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This Wonderful Life

April 16, 2009

This Wonderful Life

Smaller car, larger lives

Last week, National Public Radio interviewed several of those experts of the variety who like to think about the ways economic trends effect the way people live and vice versa.

Reporter Robert Siegel interviewed people like urbanist Richard Florida and historian David Kennedy and author William Greider about how they thought the current recession will change lifestyles in the future.

Florida, who is the author of several books on the ``Creative Class,’’ including ``Rise of the Creative Class’’ and ``Flight of the Creative Class,’’ also addressed the post-recession future in a piece in The Atlantic magazine.

He points to the late 1800s when America’s economic, cultural and literal landscape was dotted by small mercantile towns pieced together by a patchwork of productive farmland.

That was at the beginning of the Long Depression, which began in the 1870s and ended near the turn of the 20th century, when the America landscape was less about small mill towns, and more about industrial powerhouses like Cleveland, Detroit, Buffalo and Pittsburgh.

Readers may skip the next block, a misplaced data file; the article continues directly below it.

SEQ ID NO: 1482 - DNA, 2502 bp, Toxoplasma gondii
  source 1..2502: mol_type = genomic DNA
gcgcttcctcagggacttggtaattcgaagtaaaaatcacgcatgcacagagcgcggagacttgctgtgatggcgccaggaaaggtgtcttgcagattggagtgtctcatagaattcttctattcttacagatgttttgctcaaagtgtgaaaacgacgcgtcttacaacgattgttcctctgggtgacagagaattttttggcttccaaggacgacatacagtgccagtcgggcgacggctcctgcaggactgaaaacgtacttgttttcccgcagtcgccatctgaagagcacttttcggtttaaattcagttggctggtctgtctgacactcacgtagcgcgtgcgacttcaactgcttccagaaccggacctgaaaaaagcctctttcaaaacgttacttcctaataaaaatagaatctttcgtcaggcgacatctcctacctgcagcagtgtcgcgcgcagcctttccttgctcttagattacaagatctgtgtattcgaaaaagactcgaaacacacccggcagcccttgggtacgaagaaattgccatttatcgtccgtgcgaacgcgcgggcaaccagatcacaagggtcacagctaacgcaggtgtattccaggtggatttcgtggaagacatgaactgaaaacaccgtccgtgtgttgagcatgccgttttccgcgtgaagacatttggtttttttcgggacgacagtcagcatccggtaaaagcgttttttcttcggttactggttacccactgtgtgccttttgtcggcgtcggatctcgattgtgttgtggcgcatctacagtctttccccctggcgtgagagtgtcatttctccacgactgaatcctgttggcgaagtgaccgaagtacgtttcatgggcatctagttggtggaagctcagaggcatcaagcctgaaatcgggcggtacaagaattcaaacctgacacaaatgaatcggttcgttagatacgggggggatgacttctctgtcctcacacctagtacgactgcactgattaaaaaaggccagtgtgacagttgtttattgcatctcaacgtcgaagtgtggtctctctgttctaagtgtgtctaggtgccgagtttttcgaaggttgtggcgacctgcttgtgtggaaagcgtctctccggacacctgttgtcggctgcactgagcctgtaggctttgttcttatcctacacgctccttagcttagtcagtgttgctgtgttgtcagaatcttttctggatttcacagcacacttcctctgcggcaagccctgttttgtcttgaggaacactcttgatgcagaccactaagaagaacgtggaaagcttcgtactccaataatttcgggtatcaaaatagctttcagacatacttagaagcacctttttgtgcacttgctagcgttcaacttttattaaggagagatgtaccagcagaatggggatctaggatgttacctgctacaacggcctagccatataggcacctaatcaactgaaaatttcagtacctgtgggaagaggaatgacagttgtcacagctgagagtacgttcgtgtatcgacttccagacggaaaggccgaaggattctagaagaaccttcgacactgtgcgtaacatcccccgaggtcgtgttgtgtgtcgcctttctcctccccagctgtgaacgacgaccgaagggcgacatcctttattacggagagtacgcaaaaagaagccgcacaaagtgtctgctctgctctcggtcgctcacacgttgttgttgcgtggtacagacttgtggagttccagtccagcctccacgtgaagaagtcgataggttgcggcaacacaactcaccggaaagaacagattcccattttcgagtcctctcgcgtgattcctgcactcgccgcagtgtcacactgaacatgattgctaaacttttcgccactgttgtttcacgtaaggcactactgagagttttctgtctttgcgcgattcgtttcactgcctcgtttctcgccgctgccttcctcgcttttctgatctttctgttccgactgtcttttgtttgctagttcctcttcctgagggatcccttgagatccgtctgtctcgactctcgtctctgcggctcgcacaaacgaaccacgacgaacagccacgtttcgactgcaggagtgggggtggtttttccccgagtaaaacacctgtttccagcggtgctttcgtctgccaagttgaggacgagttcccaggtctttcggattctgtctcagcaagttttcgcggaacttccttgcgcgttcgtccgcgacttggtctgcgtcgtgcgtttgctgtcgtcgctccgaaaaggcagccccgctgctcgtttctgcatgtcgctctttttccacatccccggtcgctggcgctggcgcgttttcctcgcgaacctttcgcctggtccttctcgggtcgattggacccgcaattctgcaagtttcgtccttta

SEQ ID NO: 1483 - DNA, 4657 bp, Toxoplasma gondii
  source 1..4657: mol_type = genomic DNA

He also describes the way the Great Depression of the 1930s put into motion the rise of suburbs.

On NPR, he repeated his theory that home ownership will no longer figure to heavily into the American dream. At the same time, the rental experience will change substantially for the better.

My favorite theory came from Greider, the author of ``Come Home America.’’ He told NPR that, after the recession, people will ``drive smaller cars and live larger lives.’’

How lovely. How simply optimistic. And how mottoworthy. Driving a smaller car can mean literally driving a smaller, more fuel-efficient car, of course. But it can also be a metaphor for reining in all types of excessive and even destructive consumption and consumerism, especially when you pair it with the goal of living a larger life.

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This Wonderful Life
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